The groundbreaking UBS case inspired FATCA. In 2009, Senator Carl Levin and the U.S. Senate Permanent Subcommittee on Investigations identified 52,000 US persons with tax-evading bank accounts at UBS, the huge Swiss bank. The US Department of Justice issued “John Doe” summons against UBS, demanding the names and information of its US accountholders. The DOJ eventually reached a settlement with UBS, collecting a $780 million fine, a minor sum for the bank. With the Swiss government negotiating for UBS, the US also was granted the right to receive the names of 4,500 US accountholders. While the settlement was far less than what the US initially sought, the case focused federal government attention on international banking secrecy and its facilitation of financial crime, and the ensuing uproar in the US Congress over offshore tax evasion paved the way for FATCA.

It is unknown how many of the 52,000 accounts originally requested in the UBS case held the proceeds of Ponzi schemes, mortgage fraud, embezzlement, official corruption, and dozens of other lucrative financial crimes. What is not subject to guesswork is that there are about 60 secrecy havens around the globe allowing for the same kind of tax evasion that UBS was caught doing. Other developed countries are undoubtedly also pondering if the secrecy havens, including Swiss banks, have lured their own citizens with promises of protection from the tax laws.

Complex new compliance measures in store for US, foreign institutions

FATCA has caused its own uproar among domestic and foreign financial institutions complaining about the compliance burdens the law and the IRS regulations will impose. Foreign institutions will be required to sift through customer data to determine US citizens and gather required information. Some foreign institutions will have to augment customer due diligence procedures for new accounts to assure they are properly classifying and capturing information on US customers.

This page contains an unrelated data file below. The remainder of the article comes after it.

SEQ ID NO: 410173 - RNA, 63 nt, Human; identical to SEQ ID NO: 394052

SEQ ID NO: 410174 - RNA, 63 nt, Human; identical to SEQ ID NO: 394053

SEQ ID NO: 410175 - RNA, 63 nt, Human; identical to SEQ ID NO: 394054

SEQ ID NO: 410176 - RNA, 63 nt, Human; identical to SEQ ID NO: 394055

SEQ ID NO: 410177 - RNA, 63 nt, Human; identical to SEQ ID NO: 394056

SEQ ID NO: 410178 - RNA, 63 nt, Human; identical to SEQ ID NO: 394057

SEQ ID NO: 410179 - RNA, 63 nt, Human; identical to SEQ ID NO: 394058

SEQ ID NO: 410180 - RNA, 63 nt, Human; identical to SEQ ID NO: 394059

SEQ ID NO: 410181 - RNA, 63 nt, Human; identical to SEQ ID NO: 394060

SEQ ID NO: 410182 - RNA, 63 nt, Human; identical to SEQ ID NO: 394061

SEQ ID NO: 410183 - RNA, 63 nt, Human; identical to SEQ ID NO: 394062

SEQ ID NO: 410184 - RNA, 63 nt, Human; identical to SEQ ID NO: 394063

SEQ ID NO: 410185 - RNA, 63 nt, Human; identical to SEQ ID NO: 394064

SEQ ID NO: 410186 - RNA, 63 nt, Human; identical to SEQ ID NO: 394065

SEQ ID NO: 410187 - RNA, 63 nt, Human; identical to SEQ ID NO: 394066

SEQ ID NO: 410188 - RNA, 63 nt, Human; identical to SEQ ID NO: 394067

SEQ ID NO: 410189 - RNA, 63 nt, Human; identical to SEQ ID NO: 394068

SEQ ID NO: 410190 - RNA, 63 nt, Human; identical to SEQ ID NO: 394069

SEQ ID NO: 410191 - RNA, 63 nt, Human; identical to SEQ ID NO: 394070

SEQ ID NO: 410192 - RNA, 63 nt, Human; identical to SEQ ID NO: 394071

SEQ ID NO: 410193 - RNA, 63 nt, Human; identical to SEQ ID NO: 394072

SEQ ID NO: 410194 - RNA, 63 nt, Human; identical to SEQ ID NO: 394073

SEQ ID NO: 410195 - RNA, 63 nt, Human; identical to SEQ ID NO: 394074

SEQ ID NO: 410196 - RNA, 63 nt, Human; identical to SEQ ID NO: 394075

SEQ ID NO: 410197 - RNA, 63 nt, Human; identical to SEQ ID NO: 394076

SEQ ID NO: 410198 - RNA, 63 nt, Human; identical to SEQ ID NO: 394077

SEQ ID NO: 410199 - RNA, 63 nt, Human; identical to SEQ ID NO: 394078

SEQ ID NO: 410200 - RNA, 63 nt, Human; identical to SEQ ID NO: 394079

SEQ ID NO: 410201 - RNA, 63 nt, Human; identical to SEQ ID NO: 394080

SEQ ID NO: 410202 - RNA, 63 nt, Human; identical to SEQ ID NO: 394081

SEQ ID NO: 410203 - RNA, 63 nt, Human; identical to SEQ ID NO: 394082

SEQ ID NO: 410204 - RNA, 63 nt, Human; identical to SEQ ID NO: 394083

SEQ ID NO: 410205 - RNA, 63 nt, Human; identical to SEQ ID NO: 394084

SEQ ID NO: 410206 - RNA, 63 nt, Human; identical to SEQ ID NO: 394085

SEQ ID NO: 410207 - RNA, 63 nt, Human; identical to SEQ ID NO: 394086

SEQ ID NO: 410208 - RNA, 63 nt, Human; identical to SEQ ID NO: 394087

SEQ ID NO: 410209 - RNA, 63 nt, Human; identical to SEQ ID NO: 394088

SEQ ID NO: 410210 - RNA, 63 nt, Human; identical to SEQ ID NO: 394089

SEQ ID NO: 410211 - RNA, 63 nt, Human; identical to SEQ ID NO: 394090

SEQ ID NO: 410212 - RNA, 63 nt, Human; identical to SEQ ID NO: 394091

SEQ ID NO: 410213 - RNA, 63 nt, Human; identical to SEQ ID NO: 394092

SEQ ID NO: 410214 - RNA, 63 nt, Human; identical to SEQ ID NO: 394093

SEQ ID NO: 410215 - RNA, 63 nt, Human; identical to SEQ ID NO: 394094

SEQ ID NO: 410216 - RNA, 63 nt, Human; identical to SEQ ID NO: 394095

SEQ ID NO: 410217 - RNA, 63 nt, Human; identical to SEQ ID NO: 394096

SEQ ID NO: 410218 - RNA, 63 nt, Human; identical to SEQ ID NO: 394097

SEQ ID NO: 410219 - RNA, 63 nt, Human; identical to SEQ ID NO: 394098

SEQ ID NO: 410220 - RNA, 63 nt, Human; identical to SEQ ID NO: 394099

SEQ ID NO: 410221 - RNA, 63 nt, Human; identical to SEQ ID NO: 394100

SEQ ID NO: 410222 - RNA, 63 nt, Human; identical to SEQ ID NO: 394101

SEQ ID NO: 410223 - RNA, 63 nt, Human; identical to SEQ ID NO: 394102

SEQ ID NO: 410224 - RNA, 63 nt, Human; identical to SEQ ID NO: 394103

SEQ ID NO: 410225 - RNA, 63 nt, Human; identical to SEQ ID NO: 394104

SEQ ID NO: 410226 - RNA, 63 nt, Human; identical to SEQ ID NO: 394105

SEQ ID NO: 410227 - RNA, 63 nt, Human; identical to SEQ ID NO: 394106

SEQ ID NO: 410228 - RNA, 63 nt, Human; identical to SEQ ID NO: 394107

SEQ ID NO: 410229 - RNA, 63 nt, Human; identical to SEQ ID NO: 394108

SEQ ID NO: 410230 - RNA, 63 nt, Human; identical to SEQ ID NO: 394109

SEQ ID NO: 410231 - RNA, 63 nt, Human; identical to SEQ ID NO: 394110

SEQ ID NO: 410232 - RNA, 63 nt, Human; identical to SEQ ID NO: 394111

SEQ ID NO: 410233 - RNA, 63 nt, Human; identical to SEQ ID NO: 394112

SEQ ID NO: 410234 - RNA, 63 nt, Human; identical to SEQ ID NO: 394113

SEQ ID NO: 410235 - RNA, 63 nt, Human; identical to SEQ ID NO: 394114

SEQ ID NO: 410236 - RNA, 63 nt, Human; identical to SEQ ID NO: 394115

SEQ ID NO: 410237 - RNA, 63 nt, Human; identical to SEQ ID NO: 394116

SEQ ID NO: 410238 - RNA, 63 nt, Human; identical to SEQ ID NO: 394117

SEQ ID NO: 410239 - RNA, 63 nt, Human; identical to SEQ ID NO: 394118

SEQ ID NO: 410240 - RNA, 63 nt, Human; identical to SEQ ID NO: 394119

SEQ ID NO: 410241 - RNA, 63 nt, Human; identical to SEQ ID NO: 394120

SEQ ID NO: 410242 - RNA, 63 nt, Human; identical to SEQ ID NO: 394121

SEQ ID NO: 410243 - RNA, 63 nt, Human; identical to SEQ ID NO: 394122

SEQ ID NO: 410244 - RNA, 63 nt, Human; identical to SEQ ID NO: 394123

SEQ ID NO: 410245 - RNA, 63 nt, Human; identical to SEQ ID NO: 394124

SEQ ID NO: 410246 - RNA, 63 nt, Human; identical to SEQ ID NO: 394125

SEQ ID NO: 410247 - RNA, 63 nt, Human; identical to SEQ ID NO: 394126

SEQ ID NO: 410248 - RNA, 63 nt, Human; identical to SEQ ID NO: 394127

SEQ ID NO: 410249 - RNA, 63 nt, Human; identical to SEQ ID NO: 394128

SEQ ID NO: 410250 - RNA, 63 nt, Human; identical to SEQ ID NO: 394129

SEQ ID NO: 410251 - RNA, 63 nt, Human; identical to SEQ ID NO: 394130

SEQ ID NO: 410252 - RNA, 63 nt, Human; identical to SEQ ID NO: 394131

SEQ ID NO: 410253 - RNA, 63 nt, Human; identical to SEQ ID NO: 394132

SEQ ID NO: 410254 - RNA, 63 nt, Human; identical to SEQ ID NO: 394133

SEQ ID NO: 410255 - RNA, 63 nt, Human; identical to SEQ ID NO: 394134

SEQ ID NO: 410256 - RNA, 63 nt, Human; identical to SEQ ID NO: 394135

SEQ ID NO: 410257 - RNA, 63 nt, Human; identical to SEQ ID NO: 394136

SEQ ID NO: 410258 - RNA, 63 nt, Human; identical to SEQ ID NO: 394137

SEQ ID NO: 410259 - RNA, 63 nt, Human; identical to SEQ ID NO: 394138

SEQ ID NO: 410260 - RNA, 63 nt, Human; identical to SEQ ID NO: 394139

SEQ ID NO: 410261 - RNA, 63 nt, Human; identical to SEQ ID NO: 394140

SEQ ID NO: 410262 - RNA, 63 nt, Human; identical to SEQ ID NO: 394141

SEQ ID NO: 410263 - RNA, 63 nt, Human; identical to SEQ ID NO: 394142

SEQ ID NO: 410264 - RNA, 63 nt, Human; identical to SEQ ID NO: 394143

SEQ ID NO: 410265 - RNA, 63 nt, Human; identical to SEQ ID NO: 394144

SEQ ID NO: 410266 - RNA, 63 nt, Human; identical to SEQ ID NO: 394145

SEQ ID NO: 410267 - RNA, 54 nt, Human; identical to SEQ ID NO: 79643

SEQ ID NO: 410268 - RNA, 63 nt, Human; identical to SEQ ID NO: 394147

Although the compliance burden will fall most heavily on foreign institutions, the law also imposes new requirements on US institutions. Those who process payments to foreign financial institutions (called “pass-through” or “payable-through” payments) will be required to know if the foreign institutions have registered with the IRS to report the required information. If foreign institutions are not complying with FATCA reporting duties, the US institutions must withhold 30 percent on certain payments originating in the US, including interest, dividends, and proceeds from sale of property.

“Almost like anti-money laundering controls and alerts, US financial institutions will have to add a new alert to their transfers to foreign institutions,” says David Gannaway, a principal in Valuation and Forensic Services at Citrin Cooperman, a New York accounting firm.